Tara describes it as mentally evoking a person, place, activity, or memory that makes you feel safe in times of fear. Here’s what she suggests starting with:

  • Think of someone you feel the most connected to – this could be a loved one or even someone you never met such as a spiritual master like Jesus or Buddha. The living/dead/pets – anything goes, as long as this ‘entity’ makes you feel safe.
  • Think of a place where you feel safest and strong.
  • Think of an activity that makes you feel safe, strong, or connected to yourself – it could be doing art, cooking with your family, dancing, etc.
  • Think of an event when you felt safe, empowered, or accomplished.

As someone with an emphasis on meditation, Tara then recommended focusing on creating this image in your mind, taking into account all the points above. If possible, you want to zoom into the one person, place, activity, and memory that makes you feel safest.

Close your eyes if need be, and try to recreate this memory in your head. Remember when Harry Potter thought about the love of his parents and friends as a tool to cast his Patronus against the Dementors? This is just like that. The good memories are your Patronus and the Dementors are your personal fear and demons.

Like Professor Lupin had insisted on Harry, you want to create this vivid memory mentally, strong enough to feel emotionally. What are the words spoken, what are you feeling right now, who is holding you at this moment? Take your time to commit this memory to mind to ‘install’ it.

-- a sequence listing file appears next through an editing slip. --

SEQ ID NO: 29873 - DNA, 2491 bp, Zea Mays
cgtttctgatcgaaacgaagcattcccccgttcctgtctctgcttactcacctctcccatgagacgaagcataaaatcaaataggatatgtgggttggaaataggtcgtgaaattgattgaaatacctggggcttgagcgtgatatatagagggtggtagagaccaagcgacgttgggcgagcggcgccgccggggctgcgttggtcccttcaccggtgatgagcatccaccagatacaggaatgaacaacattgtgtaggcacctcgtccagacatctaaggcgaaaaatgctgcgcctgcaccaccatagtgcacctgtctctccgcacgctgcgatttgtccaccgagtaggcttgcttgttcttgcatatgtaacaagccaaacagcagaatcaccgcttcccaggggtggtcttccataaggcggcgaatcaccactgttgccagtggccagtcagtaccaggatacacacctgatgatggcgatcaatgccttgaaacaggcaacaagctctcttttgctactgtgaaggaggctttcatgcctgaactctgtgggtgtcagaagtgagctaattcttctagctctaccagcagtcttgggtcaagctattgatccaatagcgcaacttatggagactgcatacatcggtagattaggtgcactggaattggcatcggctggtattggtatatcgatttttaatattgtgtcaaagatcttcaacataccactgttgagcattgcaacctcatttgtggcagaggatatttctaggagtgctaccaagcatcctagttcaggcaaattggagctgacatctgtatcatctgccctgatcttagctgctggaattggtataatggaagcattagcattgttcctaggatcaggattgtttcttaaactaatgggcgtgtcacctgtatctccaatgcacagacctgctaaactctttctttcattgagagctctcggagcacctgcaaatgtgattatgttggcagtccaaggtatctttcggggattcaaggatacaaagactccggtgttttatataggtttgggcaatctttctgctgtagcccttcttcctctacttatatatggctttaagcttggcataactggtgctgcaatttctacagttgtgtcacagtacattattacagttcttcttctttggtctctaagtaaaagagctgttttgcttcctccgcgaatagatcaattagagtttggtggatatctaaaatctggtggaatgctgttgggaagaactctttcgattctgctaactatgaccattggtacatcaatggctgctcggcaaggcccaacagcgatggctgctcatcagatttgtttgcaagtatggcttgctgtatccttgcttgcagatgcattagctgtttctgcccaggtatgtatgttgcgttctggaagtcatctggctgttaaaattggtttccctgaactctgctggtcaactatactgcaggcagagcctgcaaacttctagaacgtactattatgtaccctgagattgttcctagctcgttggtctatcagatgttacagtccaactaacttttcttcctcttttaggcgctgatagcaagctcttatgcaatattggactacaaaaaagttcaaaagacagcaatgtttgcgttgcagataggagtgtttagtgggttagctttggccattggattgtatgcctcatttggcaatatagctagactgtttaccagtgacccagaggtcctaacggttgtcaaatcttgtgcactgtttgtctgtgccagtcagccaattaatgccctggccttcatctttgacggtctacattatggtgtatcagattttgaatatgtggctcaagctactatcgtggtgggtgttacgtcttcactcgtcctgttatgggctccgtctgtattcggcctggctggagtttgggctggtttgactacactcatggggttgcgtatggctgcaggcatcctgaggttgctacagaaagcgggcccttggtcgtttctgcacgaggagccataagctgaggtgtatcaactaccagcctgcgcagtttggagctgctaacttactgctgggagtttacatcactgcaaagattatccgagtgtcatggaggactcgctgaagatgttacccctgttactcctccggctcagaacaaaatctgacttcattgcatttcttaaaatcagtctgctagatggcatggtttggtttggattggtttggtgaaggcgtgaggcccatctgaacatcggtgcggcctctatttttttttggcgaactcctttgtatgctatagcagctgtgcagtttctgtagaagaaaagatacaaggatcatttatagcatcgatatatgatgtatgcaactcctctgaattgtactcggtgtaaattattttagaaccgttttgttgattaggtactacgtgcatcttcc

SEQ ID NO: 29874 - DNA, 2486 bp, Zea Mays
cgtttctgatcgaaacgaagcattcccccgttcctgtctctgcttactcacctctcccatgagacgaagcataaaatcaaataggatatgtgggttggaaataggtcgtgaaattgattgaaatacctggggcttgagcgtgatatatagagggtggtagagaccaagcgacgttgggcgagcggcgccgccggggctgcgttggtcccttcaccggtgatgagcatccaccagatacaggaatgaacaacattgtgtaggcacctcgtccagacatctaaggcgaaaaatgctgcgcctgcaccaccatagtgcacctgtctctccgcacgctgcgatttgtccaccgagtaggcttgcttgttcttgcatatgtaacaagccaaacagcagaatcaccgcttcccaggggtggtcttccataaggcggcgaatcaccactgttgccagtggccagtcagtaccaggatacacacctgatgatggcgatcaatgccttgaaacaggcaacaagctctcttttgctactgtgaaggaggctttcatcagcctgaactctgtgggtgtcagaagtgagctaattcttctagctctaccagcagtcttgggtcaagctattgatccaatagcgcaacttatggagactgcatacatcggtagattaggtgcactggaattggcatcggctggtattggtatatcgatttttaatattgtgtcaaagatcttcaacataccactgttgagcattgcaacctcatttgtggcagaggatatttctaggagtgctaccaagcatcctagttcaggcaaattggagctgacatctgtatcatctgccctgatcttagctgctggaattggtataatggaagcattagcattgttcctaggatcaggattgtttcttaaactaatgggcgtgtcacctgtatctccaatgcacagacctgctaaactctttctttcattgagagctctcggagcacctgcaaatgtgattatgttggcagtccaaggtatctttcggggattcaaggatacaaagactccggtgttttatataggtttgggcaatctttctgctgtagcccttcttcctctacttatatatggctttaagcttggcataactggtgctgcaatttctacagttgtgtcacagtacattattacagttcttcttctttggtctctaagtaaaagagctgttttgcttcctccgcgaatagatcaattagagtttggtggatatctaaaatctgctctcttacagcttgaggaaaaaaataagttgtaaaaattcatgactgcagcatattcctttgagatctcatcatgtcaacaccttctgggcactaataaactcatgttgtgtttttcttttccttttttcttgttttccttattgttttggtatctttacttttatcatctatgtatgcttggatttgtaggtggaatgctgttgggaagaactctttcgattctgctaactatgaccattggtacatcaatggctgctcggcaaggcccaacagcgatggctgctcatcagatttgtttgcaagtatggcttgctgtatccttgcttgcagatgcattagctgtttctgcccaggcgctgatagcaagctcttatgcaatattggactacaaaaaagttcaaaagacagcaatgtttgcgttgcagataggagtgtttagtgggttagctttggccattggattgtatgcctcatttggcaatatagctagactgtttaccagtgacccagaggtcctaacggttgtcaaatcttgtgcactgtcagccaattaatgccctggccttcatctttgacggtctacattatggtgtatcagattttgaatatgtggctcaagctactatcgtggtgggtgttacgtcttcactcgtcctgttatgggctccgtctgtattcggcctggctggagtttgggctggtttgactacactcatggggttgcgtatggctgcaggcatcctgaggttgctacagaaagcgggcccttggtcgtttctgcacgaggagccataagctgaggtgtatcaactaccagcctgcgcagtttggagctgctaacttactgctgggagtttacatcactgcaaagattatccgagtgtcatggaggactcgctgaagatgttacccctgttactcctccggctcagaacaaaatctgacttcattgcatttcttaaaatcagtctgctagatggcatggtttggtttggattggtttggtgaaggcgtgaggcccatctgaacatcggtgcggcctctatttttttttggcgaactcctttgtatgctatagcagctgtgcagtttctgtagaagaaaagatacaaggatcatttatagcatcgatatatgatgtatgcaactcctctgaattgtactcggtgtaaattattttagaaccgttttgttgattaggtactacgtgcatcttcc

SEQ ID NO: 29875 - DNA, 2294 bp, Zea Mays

You want this memory to be solid enough so that the next time you are feeling down, you can pull out this memory from your mind as a reminder that you are not alone and that you are more than this one bad moment.


For me, two years ago, I obviously did not know of this method. My version was a visual reminder in the form of small laminated pictures. I locked in my positive feelings with the pictures of my loved ones. I could always see them in my car when driving, ie. the place where I was most likely to feel scared and anxious.

I also had my illustration of Sita (Rama’s wife) as my phone wallpaper. She was the person that I resonated with the most at that time because in the Ramayana – she was kidnapped and had felt abandoned. As someone who then just got dumped and then lost her mom – I felt abandoned too and found solace in Sita’s resilience to stay strong, all by herself.

This was my version of a resource anchor- and perhaps it would help you too to have a visual resource anchor to ground you. You might want to keep it at an accessible place or somewhere strategic, ie. where you notice you tend to feel the lowest at.

An alternative is to have a small object that reminds you of this memory and to carry it around as a small keychain! You can be creative and think of these sort of tangible anchors if it helps you.


I hope this helps, kawan-kawan. This is a method that worked for me, but might not necessarily have the same effect on you, if so please don’t be disheartened.

Even if this practice does not work for you, at least it is a good reminder to us that we are much more than one bad moment – we are part of a larger community, we have a plethora of joyous, warm human experiences as well. We are so much more and we will keep trying 🙂

Take care, kawan-kawan.